As a starting point, the research theme is broad and can result in a large number of research projects. The two initial projects are presented below.
Project 1: The legitimacy of tax control – identifying best practice
This purpose of this project is to analyse the legitimacy of control measures concerning direct and indirect taxes based on a comparative analysis of relevant EU Member States. The project’s purpose is also tentatively to outline a best practice in Denmark and put the Danish model into an EU perspective. The intention is to ask whether or not a general control model can be used in, and regulated by, the EU thus helping to create legitimacy in both the Member States and the EU. The EU is not inexperienced in control provisions at an international level, in that the extensive agricultural subsidies are covered by strict control provisions. The project aims to include an analysis of the EU framework for control provisions that can be used in all Member States. If possible, the research project will also take into account the importance of the legal culture surrounding tax control provisions in the respective Member State.
This project has researchers from the tax and duty law group (Jacob Graff Nielsen and Karina Kim Egholm Elgaard), the social law group (Kirsten Ketscher and Marta Caneiro), the labour law group (Jens Kristiansen and Jacob Falsner) and EU law (Catherine Jaqueson).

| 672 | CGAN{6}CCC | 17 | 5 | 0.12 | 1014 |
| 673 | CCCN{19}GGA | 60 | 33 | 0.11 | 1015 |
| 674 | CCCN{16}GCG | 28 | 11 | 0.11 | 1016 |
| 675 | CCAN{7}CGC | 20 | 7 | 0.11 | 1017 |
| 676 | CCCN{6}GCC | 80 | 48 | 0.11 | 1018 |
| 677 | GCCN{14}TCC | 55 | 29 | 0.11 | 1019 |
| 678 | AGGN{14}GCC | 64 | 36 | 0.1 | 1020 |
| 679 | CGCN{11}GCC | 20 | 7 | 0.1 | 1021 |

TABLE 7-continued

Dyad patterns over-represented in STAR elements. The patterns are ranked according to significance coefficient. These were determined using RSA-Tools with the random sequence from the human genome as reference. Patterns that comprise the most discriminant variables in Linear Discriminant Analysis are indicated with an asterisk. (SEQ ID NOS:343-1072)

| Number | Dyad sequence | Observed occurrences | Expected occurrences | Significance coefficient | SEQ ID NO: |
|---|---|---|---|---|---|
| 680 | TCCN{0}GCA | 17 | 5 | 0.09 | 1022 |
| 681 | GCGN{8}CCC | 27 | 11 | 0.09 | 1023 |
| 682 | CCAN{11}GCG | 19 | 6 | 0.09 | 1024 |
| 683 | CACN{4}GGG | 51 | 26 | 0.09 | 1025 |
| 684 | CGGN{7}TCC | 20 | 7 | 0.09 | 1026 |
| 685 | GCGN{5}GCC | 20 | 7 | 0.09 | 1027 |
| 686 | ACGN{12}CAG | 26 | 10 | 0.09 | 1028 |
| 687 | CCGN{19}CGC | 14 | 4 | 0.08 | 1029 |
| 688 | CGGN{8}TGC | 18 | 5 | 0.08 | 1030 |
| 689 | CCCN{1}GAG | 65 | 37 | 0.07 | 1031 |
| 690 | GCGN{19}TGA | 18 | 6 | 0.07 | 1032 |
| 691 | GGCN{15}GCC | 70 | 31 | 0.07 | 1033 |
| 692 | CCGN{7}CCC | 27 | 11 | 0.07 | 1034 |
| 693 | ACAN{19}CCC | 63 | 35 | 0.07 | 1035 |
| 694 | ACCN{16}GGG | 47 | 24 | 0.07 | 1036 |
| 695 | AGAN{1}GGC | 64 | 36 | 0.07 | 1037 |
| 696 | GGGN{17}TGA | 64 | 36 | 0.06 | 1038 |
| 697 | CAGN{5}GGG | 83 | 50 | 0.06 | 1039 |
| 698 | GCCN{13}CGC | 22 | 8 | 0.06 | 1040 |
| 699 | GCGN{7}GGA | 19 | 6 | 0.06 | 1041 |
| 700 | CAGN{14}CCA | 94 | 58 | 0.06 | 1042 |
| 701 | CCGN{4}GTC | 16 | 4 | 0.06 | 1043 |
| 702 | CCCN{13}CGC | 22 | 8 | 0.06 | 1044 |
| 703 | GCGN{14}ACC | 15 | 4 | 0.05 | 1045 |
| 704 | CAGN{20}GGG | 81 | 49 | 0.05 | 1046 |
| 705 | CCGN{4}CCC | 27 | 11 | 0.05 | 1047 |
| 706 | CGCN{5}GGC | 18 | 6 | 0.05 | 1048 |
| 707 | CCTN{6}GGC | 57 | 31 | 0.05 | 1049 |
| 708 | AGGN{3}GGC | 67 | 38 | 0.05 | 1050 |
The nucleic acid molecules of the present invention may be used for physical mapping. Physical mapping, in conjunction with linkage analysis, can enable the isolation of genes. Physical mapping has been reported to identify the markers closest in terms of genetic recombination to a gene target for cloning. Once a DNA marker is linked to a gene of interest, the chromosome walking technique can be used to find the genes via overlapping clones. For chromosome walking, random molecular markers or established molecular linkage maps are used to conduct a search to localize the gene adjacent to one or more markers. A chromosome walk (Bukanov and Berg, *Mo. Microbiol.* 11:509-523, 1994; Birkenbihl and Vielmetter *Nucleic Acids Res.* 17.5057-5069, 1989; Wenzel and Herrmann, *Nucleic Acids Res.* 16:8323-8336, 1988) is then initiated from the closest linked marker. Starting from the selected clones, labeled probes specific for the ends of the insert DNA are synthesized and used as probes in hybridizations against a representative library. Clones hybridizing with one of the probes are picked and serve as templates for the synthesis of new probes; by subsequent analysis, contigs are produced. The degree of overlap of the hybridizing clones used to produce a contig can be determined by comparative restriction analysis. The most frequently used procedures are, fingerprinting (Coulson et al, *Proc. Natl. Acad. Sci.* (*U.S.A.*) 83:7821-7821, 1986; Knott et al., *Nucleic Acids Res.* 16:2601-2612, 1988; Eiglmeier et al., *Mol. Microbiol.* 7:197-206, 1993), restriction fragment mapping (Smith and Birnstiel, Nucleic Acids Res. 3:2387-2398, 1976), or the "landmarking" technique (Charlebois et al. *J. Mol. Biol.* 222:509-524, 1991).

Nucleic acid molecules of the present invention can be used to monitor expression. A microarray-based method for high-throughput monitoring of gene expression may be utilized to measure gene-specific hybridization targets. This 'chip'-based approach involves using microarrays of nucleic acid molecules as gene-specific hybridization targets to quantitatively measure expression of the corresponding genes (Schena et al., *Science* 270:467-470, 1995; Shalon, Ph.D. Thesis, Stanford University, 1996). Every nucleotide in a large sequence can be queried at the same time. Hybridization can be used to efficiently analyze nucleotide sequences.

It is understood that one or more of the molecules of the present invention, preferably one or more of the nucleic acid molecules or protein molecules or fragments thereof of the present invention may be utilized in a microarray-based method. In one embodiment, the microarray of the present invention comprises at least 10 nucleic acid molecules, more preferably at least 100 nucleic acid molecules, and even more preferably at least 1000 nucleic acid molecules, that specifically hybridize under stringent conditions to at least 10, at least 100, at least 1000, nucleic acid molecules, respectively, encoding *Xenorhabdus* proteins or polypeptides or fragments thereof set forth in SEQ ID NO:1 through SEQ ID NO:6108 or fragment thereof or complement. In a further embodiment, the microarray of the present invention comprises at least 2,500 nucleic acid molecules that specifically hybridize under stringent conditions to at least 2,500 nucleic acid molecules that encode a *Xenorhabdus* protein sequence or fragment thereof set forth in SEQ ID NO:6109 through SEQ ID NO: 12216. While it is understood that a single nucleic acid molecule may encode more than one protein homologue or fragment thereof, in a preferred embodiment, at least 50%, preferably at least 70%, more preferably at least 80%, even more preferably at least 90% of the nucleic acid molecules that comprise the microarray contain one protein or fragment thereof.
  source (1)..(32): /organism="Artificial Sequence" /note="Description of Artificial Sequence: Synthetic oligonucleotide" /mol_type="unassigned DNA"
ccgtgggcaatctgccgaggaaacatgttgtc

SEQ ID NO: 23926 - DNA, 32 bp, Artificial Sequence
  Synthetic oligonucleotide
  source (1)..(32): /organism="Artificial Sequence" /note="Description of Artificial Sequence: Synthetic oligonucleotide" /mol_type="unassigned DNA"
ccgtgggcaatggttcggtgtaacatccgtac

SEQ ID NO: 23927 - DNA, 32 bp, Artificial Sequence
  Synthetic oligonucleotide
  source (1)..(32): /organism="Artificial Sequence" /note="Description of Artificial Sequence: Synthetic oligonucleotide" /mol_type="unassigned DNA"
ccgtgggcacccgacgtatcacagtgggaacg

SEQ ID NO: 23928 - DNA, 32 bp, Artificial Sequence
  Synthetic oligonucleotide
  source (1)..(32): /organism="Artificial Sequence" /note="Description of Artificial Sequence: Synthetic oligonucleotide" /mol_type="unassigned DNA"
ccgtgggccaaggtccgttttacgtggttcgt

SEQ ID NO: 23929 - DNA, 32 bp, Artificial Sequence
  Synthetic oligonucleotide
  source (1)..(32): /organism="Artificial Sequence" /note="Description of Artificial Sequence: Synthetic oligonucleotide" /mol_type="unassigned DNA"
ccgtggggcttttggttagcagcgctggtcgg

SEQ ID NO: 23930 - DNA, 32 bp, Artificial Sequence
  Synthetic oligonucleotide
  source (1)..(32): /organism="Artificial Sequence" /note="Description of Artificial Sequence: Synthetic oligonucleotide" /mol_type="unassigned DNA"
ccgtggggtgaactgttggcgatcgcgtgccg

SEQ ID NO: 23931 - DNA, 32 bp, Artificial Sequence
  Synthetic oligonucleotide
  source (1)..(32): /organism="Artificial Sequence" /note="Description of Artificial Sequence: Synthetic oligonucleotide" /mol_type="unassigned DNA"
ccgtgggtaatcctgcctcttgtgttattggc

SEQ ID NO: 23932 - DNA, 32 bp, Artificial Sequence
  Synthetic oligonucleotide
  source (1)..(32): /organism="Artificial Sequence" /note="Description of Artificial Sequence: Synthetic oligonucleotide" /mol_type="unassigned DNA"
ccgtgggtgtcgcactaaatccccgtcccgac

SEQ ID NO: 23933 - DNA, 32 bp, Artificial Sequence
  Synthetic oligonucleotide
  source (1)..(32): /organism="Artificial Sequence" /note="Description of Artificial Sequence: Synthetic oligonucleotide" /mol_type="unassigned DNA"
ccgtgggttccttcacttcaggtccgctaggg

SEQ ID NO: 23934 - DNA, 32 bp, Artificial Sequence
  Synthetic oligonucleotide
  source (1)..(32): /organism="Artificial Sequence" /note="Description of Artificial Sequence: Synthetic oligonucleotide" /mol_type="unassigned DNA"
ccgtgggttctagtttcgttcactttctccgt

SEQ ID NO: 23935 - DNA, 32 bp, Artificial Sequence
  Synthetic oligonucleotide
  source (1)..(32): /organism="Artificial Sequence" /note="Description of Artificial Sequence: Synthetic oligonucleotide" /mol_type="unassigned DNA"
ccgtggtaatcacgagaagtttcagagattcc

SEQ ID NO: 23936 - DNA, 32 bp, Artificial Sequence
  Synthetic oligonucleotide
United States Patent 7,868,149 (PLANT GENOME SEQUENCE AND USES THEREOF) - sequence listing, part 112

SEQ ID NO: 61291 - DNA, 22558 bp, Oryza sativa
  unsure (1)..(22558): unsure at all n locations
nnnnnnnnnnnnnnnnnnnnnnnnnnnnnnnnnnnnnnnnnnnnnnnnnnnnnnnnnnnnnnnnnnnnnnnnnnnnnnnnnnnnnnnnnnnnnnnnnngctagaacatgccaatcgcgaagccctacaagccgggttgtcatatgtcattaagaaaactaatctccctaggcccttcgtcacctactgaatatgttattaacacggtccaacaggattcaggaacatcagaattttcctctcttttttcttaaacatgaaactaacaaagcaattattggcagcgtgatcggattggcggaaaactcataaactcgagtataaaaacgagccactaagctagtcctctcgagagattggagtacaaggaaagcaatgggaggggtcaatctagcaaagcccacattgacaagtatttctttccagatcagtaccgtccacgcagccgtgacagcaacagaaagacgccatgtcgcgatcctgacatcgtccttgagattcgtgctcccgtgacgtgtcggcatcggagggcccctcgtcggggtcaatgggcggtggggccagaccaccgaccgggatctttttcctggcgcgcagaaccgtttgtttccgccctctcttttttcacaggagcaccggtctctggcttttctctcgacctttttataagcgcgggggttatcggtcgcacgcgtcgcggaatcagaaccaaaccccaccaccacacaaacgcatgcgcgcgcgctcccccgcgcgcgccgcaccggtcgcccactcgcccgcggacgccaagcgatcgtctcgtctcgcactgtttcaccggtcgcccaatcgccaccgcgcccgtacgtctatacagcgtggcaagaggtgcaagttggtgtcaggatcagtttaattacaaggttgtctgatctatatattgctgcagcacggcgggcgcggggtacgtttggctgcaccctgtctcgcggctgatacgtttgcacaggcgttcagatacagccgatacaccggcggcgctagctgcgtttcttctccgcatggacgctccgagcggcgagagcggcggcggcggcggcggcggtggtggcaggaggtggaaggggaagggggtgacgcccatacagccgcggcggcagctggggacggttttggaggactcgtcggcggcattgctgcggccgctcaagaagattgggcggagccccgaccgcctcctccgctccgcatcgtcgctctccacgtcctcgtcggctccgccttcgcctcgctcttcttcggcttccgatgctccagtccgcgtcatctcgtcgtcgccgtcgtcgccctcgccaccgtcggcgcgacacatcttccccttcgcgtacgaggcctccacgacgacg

Project 2: The EU and human rights framework for tax control
A natural consequence of the increased political pressure for intensified tax control is a weighing up of its legal scope. This requires an in-depth analysis of, amongst other things, the regulative scope for tax control in constitutional, administrative, EU and human rights legislation. For example, an analysis of the sanctity of the home pursuant to the Act of Constitution, Section 72 and the European Convention on Human Rights, Article 8 on the right to respect for family and private life in relation to tax inspections. The EU legal framework for tax control includes, amongst others, the assistance directive (Council Directive 2011/16/EU) and the collection directive (Council Directive 2010/24/EU), but also the directive on a ensuring a real minimum taxation of income from interest (Council Directive 2003/48/EC) that has the nature of a tax control directive. In the EU there is thus an increase in focus on coordinating particularly effective exchange of information between the tax authorities of Member States.
There is a need for academic analyses of these national and international frameworks for tax control that is overshadowed by the eagerness to ensure precious tax and duty revenue in times of crisis.
This project has researchers from the tax and duty group (Jacob Graff Nielsen and Karina Kim Egholm Elgaard), together with other researchers from WELMA, including those working with human rights. Researchers from other research centres at the faculty that work with human rights will be invited to collaborate, e.g. CECS and CILJ.